January may begin with resolutions for the year ahead – but March begins with Tax Resolutions for the next tax year. We promise ourselves to be a little more organised, a little more prudent and try to minimise our contributions the next time around.
BusinessTech recently said that with the many challenges small business owners face every day, being tax compliant is often not at the top of the list and tax deadlines often come and go in the struggle of trying to keep the business afloat.
The single, sole proprietor often goes it alone, not realising that business tax returns are far more complicated than individual returns.
Research conducted by TaxTim shows that 58% of small businesses do not get professional help when submitting their annual tax returns. In fact, only 13% handed the role over to an outsourced professional.
Marc Sevitz, co-founder and CFO of the online tax return tool TaxTim, says that SMEs do not have one standard deadline for submission to SARS. SMEs must complete their annual tax returns within 12 months of the end of their financial year, which can be any time from January to December.
If this is ringing a familiar bell with you, then here are some top tax tips!
Use the correct rates for depreciation
If your business owns assets that devalue over time, be sure to use the correct wear and tear rate from SARS’ list of different asset types. For example, computers depreciate at a different rate to vehicles. Also, check whether your business qualifies for the Small Business Corporation or Section 12C Manufacturing Assets special wear and tear allowance.
Know all the allowed deductions
There are numerous deductions and allowances available to SMEs. It is in your best interest to familiarise yourself with them to ensure you never pay more tax for your business than necessary. For example, a business can claim an allowance for a building that it owns, or special tax deductions for leased assets.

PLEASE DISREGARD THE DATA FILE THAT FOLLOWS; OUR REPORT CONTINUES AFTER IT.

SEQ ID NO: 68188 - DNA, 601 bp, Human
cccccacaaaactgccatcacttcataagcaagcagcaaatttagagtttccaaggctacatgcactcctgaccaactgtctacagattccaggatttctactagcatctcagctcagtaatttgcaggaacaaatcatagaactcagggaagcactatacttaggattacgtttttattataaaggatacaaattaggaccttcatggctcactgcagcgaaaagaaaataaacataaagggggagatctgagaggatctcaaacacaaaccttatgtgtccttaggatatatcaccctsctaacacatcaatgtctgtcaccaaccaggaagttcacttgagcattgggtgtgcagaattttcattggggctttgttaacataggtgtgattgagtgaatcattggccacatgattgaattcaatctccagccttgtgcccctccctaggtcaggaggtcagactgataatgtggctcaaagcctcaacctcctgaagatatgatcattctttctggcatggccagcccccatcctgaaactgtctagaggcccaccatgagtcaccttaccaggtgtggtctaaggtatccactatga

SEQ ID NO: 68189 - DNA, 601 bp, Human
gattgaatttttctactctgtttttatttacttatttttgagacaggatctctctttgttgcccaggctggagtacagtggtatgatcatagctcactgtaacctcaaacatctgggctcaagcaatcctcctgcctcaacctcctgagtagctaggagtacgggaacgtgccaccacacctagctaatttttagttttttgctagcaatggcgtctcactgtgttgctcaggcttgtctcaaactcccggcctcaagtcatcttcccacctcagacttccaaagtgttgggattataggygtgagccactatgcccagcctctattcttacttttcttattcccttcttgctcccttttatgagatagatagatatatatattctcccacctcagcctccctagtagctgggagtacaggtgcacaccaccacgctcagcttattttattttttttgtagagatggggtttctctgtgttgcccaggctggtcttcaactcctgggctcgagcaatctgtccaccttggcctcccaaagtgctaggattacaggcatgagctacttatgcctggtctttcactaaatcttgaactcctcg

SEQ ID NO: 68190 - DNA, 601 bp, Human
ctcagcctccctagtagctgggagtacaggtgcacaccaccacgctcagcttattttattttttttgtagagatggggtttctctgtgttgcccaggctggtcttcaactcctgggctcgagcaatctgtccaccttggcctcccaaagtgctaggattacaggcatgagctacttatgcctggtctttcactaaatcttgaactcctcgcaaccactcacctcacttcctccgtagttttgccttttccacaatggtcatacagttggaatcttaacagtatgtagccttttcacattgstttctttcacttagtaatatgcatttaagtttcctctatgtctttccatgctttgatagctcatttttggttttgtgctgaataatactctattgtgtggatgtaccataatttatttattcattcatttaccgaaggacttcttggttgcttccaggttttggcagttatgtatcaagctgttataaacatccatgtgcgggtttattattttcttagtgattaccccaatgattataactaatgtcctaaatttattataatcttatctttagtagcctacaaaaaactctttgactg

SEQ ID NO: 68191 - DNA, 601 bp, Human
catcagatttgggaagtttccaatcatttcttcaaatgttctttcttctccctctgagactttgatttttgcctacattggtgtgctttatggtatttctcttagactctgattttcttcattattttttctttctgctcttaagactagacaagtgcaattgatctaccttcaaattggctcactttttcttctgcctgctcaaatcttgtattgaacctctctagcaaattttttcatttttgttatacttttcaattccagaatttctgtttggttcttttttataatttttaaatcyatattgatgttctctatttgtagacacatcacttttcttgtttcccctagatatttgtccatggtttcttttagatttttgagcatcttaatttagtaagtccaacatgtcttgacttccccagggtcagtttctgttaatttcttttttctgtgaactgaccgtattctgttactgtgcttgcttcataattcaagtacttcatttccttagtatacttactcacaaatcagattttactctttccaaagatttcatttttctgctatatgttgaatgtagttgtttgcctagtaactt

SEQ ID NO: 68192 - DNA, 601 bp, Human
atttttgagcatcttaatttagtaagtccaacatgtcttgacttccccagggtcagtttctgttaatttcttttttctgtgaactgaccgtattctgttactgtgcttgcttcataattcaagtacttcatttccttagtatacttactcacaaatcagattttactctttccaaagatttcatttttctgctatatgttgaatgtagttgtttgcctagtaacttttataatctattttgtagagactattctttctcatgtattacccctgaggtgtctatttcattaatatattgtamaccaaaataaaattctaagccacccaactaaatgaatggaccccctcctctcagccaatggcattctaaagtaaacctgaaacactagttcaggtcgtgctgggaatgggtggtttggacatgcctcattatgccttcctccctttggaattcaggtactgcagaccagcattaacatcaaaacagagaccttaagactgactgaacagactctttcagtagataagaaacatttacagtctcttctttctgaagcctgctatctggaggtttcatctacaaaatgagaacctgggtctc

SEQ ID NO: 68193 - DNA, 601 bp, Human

Provide properly for provisions
Remember that accounting provisions are treated differently for tax purposes. Ensure you reverse the Provision for Leave Pay and Provision for Employee Bonuses in your business’s tax calculation as these are only deductible for tax once they’ve been paid.
Record every cent earned or spent
Whilst it may sound like an administrative headache, keeping an accurate and up-to-date record of your business’s income and expenses, allocated to their various categories, is critical to ensuring a smooth tax return. The nature and size of your business will determine whether you’d want to look at investing in an accounting software or package, or if a basic spreadsheet record will suffice.
Keep all your slips
Keep all documents relating to income and expenses, such as invoices and receipts, and file them in a logical order. Should SARS request verification on your business’s tax return, you’ll easily be able to supply these. Scrambling around to find slips from the past year can easily be avoided.
Make copies of documents
It’s best to keep both a hard copy and electronic version of documents. Scanned copies can be stored online using cloud services like Google Drive or Dropbox, which ensures they’re safe, even if the originals get lost or if your computer is damaged or stolen.
Store documents for five years
Don’t toss away your documents once you’ve filed your business tax return. Legislation requires that SMEs keep all relevant documents for a minimum of five years. SARS may request a review of previous tax returns and you don’t want to be missing vital documents that impact your business’s tax liability.
Small businesses play a crucial role in the strength of our economy and the future of our country. Let’s keep supporting SMEs where ever we can!